- 9Jun 20, '10 by pagandeva2000No matter how you slice it, when the phrase is "Nurses and LPNs", it polarizes the two and makes is somehow appear that LPNs are not nurses, while RNs are. Of course, this is hurtful! I have built a tough exterior, but inside, it is painful. I think that the language has to change. If you want to call us by our proper, licensed titles RNs and LPNs, that is fine, because it is true, but when you say "Nurse and LPN", it implies that somehow, we are less than, and this is not fair.
This goes throughout, from what I see. When they mention 'nurses', they usually mean RNs, the LPN is not really included in the equation. When looking for openings in some facilities, LPNs are not always listed under "Nursing", but under "Allied/Supportive Staff". It is interesting to see that while we work under the auspice of RNs, that we also take a licensing exam to practice as Practical Nurses, we still have to fight to be rightfully considered to be nurses. So many times at work, an RN may say "The LPN has to report this to the Nurse"...and I have even seen in LPN textbooks that we have to report to the Nurse, and I say to myself "What does that make ME?". I am a nurse, also. I remember once, a BSN told me "LPNs aren't nurses", and I said to her that it astounds me that an educated person cannot see that the letter N in LPN does, in fact, stand for Nurse.
I always take the time to educate people to let them know that we are, in fact, legitimate nurses with a different scope of practice, but that it does not mean that we are 'less than'. It simply means that we are responsible for the 'practical' side of nursing-more routine things with predictable outcomes, but that we are also legally responsible for what we neglect to do. While we work under the auspice of the RN, we are legally and morally responsible and accountable to do the right thing. Just because anyone, may it be physician or RN tells us to do something does not make it correct. We have to know when something is not included within our scope of practice, we must be consciensous of what we do and we do not blindly follow incorrect orders.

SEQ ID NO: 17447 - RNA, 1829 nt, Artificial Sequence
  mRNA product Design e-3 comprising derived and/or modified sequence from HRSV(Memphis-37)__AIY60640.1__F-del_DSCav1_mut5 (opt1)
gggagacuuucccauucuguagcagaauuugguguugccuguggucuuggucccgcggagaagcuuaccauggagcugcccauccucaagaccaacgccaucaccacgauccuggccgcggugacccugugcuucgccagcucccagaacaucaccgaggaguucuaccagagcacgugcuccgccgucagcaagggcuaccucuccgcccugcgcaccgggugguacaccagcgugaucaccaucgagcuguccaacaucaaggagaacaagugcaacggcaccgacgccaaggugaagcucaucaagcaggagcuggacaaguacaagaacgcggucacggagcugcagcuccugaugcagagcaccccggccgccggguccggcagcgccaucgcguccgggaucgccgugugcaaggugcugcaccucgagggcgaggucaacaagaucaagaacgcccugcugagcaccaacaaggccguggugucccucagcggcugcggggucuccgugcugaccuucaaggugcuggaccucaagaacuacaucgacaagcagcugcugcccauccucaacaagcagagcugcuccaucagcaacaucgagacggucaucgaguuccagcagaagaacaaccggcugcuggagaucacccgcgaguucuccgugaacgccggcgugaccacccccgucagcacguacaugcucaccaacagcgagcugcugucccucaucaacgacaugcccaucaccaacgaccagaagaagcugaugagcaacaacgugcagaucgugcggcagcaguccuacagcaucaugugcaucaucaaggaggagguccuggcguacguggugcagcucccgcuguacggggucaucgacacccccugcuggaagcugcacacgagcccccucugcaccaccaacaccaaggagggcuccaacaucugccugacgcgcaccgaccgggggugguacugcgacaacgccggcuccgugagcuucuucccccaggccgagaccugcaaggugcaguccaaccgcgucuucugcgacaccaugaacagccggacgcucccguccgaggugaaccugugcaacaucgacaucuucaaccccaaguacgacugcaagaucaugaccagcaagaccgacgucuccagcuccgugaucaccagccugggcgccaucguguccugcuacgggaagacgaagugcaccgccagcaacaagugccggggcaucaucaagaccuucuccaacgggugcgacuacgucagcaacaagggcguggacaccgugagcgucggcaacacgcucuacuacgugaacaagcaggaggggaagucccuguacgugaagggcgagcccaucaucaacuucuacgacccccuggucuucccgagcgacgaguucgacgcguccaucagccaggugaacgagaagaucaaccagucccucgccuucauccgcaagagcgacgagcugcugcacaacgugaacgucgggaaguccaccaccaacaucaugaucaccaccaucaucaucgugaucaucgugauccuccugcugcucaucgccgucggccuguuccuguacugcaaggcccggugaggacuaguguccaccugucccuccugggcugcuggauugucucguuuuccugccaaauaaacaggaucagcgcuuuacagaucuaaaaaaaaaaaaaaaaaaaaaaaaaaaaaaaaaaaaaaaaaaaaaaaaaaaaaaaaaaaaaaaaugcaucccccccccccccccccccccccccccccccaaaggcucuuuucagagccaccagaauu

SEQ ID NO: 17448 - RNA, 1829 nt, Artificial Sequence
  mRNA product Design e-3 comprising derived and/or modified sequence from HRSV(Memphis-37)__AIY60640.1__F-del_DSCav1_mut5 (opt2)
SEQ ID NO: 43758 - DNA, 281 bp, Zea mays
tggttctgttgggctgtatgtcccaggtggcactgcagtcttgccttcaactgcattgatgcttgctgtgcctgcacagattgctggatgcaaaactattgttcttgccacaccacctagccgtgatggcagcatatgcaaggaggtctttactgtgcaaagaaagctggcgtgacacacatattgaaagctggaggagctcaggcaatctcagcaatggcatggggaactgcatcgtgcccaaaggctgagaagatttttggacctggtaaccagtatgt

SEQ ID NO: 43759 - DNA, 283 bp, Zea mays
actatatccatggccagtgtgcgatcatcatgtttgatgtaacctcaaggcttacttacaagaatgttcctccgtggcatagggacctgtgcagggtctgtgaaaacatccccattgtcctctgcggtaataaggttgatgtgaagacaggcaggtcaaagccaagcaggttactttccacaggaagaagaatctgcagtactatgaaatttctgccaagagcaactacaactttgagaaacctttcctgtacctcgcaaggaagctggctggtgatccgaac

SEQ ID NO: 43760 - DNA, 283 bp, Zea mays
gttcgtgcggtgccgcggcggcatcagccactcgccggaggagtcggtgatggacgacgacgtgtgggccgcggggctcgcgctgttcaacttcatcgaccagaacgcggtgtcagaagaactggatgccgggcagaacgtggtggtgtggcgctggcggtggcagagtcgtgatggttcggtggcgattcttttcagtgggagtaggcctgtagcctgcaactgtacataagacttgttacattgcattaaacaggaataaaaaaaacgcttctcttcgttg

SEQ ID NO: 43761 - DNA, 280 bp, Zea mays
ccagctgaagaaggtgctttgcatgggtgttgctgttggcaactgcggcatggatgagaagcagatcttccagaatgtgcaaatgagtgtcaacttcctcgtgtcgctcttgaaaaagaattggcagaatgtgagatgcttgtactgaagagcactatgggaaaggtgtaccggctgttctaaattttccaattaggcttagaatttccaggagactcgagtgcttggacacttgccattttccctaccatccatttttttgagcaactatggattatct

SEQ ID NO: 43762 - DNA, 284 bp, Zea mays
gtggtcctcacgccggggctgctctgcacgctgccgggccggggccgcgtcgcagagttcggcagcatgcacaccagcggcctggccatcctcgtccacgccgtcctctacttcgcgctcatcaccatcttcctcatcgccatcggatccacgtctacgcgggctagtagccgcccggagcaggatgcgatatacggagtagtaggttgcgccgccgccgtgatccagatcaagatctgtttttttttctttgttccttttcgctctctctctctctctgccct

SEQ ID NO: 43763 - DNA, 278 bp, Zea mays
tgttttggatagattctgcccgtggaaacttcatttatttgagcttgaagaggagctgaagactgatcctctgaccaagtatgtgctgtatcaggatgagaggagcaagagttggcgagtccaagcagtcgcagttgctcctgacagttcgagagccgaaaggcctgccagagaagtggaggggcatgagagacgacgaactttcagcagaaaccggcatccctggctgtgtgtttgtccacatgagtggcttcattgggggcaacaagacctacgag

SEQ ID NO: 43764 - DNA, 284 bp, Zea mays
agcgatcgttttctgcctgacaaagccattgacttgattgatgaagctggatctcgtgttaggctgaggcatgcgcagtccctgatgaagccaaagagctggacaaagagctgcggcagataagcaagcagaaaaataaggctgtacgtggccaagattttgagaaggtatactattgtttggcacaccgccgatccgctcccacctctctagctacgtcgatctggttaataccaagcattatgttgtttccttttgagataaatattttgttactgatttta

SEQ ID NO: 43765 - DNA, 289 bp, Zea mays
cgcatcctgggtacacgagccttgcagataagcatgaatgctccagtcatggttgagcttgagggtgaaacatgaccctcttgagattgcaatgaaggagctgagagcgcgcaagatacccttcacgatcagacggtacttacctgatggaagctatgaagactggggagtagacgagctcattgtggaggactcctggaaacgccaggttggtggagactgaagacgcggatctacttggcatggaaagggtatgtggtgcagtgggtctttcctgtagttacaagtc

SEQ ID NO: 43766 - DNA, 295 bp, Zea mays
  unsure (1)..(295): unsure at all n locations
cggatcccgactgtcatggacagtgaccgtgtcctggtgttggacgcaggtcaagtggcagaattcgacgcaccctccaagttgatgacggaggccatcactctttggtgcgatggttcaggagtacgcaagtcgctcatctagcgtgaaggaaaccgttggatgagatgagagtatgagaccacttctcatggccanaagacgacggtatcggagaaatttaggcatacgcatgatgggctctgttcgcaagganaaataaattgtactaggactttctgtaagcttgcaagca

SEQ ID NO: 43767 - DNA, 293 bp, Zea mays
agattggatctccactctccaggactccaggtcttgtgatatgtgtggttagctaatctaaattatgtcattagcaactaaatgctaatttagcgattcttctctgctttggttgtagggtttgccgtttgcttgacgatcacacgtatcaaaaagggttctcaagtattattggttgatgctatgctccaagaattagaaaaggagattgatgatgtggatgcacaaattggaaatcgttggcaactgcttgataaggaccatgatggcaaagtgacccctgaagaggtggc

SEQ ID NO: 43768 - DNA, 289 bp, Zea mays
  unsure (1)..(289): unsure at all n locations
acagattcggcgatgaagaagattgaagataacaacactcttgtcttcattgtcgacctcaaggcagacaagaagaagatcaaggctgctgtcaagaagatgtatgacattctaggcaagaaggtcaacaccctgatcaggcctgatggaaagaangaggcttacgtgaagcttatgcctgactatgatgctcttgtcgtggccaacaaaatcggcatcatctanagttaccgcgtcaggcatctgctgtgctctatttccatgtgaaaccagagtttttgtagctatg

I can easily see why you would be frustrated with this portrayal of LPNs.
- 0Jun 20, '10 by Fiona59Do you have a state regulatory body for LPNs? I know that lately whenever LPNs have been getting little respect in the media, my provincial college (our version of your board of nurses) has been on a letter writing campaign and has done tv and radio interviews pointing out that we are indeed nurses with an emphasis on direct, hands on patient care.
- 2Jun 21, '10 by TheCommuter Senior ModeratorQuote from CT PixieIt might be time to write or send emails to this local news station with your tirade to teach them a much-needed lesson. Hopefully, if they hear enough complaints about the issue, they will think twice about their hurtful wording.Just read a headline for a local news station regarding an on going strike at a few LTC facilities here in CT.
In addition, the online article has a comments section where we can respectfully give the public and the news station some pieces of our minds.